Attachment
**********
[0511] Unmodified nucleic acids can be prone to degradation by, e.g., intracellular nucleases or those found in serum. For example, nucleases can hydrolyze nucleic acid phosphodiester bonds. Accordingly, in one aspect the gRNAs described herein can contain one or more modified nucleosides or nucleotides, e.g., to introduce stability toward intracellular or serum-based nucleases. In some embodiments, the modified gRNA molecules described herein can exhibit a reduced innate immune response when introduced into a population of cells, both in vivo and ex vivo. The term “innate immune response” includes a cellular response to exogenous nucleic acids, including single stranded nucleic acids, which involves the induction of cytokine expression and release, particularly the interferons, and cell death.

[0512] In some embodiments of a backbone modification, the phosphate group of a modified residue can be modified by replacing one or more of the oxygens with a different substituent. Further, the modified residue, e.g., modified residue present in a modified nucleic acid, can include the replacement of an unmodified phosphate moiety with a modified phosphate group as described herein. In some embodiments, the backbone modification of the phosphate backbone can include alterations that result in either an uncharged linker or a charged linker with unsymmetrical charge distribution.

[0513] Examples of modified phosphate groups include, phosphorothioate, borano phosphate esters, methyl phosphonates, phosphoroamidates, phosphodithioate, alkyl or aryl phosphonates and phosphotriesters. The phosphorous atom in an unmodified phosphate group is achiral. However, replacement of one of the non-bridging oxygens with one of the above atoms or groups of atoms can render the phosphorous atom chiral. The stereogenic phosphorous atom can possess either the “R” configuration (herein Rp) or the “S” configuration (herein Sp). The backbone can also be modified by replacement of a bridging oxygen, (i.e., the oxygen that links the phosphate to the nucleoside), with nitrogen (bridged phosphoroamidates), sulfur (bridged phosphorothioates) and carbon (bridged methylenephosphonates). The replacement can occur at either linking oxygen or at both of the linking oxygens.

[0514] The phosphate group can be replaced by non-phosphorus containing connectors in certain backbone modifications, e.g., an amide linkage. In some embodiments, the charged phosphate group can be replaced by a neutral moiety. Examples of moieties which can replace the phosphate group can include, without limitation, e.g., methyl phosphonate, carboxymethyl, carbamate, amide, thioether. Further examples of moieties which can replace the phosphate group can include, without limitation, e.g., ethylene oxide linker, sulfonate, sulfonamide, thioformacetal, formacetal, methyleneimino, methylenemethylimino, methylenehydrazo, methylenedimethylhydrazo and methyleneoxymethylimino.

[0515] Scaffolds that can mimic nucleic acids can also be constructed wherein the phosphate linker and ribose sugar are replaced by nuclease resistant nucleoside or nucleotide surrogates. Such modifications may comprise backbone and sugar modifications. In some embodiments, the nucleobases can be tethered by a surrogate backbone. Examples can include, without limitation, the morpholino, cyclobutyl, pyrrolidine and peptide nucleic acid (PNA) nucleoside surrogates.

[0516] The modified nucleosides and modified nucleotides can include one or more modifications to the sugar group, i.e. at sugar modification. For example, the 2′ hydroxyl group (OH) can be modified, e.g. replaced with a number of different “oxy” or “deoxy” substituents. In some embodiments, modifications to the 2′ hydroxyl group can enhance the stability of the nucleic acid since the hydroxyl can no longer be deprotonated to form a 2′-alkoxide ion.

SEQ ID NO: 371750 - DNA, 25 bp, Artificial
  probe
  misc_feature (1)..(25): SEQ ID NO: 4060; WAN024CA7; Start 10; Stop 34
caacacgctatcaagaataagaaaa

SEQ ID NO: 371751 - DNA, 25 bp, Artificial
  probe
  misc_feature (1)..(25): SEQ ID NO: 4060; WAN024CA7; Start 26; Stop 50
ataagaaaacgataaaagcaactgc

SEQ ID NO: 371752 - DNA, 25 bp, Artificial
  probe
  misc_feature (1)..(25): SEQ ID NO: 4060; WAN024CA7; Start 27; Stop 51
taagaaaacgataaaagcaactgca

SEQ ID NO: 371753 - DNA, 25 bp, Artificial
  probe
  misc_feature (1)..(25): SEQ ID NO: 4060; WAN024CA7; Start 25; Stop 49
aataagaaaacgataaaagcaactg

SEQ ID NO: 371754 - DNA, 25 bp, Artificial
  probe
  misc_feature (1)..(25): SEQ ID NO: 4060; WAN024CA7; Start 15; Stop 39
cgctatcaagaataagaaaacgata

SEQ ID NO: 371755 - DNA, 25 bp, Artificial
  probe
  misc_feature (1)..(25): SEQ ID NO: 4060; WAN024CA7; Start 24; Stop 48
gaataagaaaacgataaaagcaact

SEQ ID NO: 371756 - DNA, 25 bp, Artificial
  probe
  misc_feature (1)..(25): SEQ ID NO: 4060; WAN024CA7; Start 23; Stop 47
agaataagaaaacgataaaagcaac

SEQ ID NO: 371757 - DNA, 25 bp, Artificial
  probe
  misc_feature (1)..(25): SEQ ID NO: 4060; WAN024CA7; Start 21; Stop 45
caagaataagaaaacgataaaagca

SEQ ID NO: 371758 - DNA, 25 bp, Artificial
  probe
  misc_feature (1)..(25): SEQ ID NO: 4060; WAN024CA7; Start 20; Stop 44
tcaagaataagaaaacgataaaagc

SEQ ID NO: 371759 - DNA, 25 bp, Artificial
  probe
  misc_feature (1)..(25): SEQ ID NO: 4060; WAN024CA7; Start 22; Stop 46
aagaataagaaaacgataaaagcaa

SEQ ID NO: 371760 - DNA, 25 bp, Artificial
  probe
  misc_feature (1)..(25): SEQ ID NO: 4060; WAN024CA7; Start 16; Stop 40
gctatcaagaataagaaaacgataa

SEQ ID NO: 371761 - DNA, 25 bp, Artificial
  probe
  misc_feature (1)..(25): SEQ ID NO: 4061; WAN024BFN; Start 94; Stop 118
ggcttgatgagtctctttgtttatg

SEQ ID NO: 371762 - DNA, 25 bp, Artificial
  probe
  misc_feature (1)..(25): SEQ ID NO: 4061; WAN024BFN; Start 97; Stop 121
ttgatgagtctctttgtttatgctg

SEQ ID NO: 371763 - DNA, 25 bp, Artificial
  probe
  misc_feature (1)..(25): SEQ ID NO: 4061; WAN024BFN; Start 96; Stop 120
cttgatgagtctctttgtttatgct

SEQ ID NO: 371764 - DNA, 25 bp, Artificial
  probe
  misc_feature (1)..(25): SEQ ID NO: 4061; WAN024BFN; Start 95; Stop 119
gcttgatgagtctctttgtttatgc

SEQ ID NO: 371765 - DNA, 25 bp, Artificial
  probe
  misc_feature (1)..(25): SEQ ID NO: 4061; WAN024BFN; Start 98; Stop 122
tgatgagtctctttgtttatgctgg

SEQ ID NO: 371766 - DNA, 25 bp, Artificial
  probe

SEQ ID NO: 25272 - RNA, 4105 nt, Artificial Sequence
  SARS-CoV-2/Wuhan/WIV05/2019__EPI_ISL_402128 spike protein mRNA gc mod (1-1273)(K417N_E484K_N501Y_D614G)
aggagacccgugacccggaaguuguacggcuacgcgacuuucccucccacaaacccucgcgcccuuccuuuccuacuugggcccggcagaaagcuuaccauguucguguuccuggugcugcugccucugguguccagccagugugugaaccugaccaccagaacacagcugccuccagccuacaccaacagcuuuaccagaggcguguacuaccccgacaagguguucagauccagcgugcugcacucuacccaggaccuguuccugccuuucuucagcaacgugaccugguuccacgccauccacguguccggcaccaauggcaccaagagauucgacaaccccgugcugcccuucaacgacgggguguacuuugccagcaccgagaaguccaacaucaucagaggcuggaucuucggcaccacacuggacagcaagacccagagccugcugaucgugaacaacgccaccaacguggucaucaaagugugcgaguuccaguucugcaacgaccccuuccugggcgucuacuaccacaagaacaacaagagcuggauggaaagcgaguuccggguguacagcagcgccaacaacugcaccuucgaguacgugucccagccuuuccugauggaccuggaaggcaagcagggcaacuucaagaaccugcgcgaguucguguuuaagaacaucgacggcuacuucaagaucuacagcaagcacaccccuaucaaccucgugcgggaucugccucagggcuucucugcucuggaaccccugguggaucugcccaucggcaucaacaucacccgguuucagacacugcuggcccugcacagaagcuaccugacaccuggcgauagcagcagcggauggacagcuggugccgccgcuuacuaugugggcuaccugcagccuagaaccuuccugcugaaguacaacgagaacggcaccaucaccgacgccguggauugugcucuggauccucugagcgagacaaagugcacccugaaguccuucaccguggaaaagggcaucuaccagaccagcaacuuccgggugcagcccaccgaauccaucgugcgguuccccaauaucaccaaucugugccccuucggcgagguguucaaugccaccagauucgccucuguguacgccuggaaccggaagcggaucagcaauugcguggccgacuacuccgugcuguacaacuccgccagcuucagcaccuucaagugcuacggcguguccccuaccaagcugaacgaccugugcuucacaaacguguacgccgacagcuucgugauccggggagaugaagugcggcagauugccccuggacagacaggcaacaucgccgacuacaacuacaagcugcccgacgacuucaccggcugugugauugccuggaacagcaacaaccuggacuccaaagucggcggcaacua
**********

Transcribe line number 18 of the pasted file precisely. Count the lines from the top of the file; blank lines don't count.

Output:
taagaaaacgataaaagcaactgca